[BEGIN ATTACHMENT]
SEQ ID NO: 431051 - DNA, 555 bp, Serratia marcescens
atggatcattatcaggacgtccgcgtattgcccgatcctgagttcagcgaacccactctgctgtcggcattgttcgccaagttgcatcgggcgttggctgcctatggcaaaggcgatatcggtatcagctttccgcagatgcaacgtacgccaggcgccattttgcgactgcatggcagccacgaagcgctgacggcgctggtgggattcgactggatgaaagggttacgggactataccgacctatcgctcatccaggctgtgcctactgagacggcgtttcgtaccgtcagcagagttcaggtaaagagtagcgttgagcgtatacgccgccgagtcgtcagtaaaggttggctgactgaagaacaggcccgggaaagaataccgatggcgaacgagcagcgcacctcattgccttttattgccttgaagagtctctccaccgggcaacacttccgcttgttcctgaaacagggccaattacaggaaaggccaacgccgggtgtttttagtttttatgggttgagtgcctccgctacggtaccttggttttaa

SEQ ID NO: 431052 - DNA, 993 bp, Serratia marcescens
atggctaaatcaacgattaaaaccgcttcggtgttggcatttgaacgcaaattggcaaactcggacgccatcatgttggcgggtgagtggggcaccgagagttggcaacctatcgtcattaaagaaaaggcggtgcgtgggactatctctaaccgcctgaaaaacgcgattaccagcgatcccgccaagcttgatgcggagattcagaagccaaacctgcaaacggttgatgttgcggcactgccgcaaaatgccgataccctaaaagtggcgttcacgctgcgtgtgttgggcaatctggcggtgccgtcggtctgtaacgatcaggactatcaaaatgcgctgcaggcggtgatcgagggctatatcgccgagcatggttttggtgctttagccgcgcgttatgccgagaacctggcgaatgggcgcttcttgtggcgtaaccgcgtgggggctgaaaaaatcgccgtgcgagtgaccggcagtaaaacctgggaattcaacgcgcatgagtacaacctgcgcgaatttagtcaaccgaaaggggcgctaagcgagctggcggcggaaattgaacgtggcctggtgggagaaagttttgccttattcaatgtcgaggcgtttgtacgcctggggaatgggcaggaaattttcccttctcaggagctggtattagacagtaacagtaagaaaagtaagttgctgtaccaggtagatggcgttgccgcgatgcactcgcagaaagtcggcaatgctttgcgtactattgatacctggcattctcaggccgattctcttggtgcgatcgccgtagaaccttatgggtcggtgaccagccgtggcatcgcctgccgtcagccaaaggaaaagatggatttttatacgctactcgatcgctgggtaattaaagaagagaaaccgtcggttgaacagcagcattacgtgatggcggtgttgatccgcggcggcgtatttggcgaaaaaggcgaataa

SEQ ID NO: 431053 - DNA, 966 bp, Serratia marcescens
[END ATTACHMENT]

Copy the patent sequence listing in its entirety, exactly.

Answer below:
SEQ ID NO: 431051 - DNA, 555 bp, Serratia marcescens
atggatcattatcaggacgtccgcgtattgcccgatcctgagttcagcgaacccactctgctgtcggcattgttcgccaagttgcatcgggcgttggctgcctatggcaaaggcgatatcggtatcagctttccgcagatgcaacgtacgccaggcgccattttgcgactgcatggcagccacgaagcgctgacggcgctggtgggattcgactggatgaaagggttacgggactataccgacctatcgctcatccaggctgtgcctactgagacggcgtttcgtaccgtcagcagagttcaggtaaagagtagcgttgagcgtatacgccgccgagtcgtcagtaaaggttggctgactgaagaacaggcccgggaaagaataccgatggcgaacgagcagcgcacctcattgccttttattgccttgaagagtctctccaccgggcaacacttccgcttgttcctgaaacagggccaattacaggaaaggccaacgccgggtgtttttagtttttatgggttgagtgcctccgctacggtaccttggttttaa

SEQ ID NO: 431052 - DNA, 993 bp, Serratia marcescens
atggctaaatcaacgattaaaaccgcttcggtgttggcatttgaacgcaaattggcaaactcggacgccatcatgttggcgggtgagtggggcaccgagagttggcaacctatcgtcattaaagaaaaggcggtgcgtgggactatctctaaccgcctgaaaaacgcgattaccagcgatcccgccaagcttgatgcggagattcagaagccaaacctgcaaacggttgatgttgcggcactgccgcaaaatgccgataccctaaaagtggcgttcacgctgcgtgtgttgggcaatctggcggtgccgtcggtctgtaacgatcaggactatcaaaatgcgctgcaggcggtgatcgagggctatatcgccgagcatggttttggtgctttagccgcgcgttatgccgagaacctggcgaatgggcgcttcttgtggcgtaaccgcgtgggggctgaaaaaatcgccgtgcgagtgaccggcagtaaaacctgggaattcaacgcgcatgagtacaacctgcgcgaatttagtcaaccgaaaggggcgctaagcgagctggcggcggaaattgaacgtggcctggtgggagaaagttttgccttattcaatgtcgaggcgtttgtacgcctggggaatgggcaggaaattttcccttctcaggagctggtattagacagtaacagtaagaaaagtaagttgctgtaccaggtagatggcgttgccgcgatgcactcgcagaaagtcggcaatgctttgcgtactattgatacctggcattctcaggccgattctcttggtgcgatcgccgtagaaccttatgggtcggtgaccagccgtggcatcgcctgccgtcagccaaaggaaaagatggatttttatacgctactcgatcgctgggtaattaaagaagagaaaccgtcggttgaacagcagcattacgtgatggcggtgttgatccgcggcggcgtatttggcgaaaaaggcgaataa

SEQ ID NO: 431053 - DNA, 966 bp, Serratia marcescens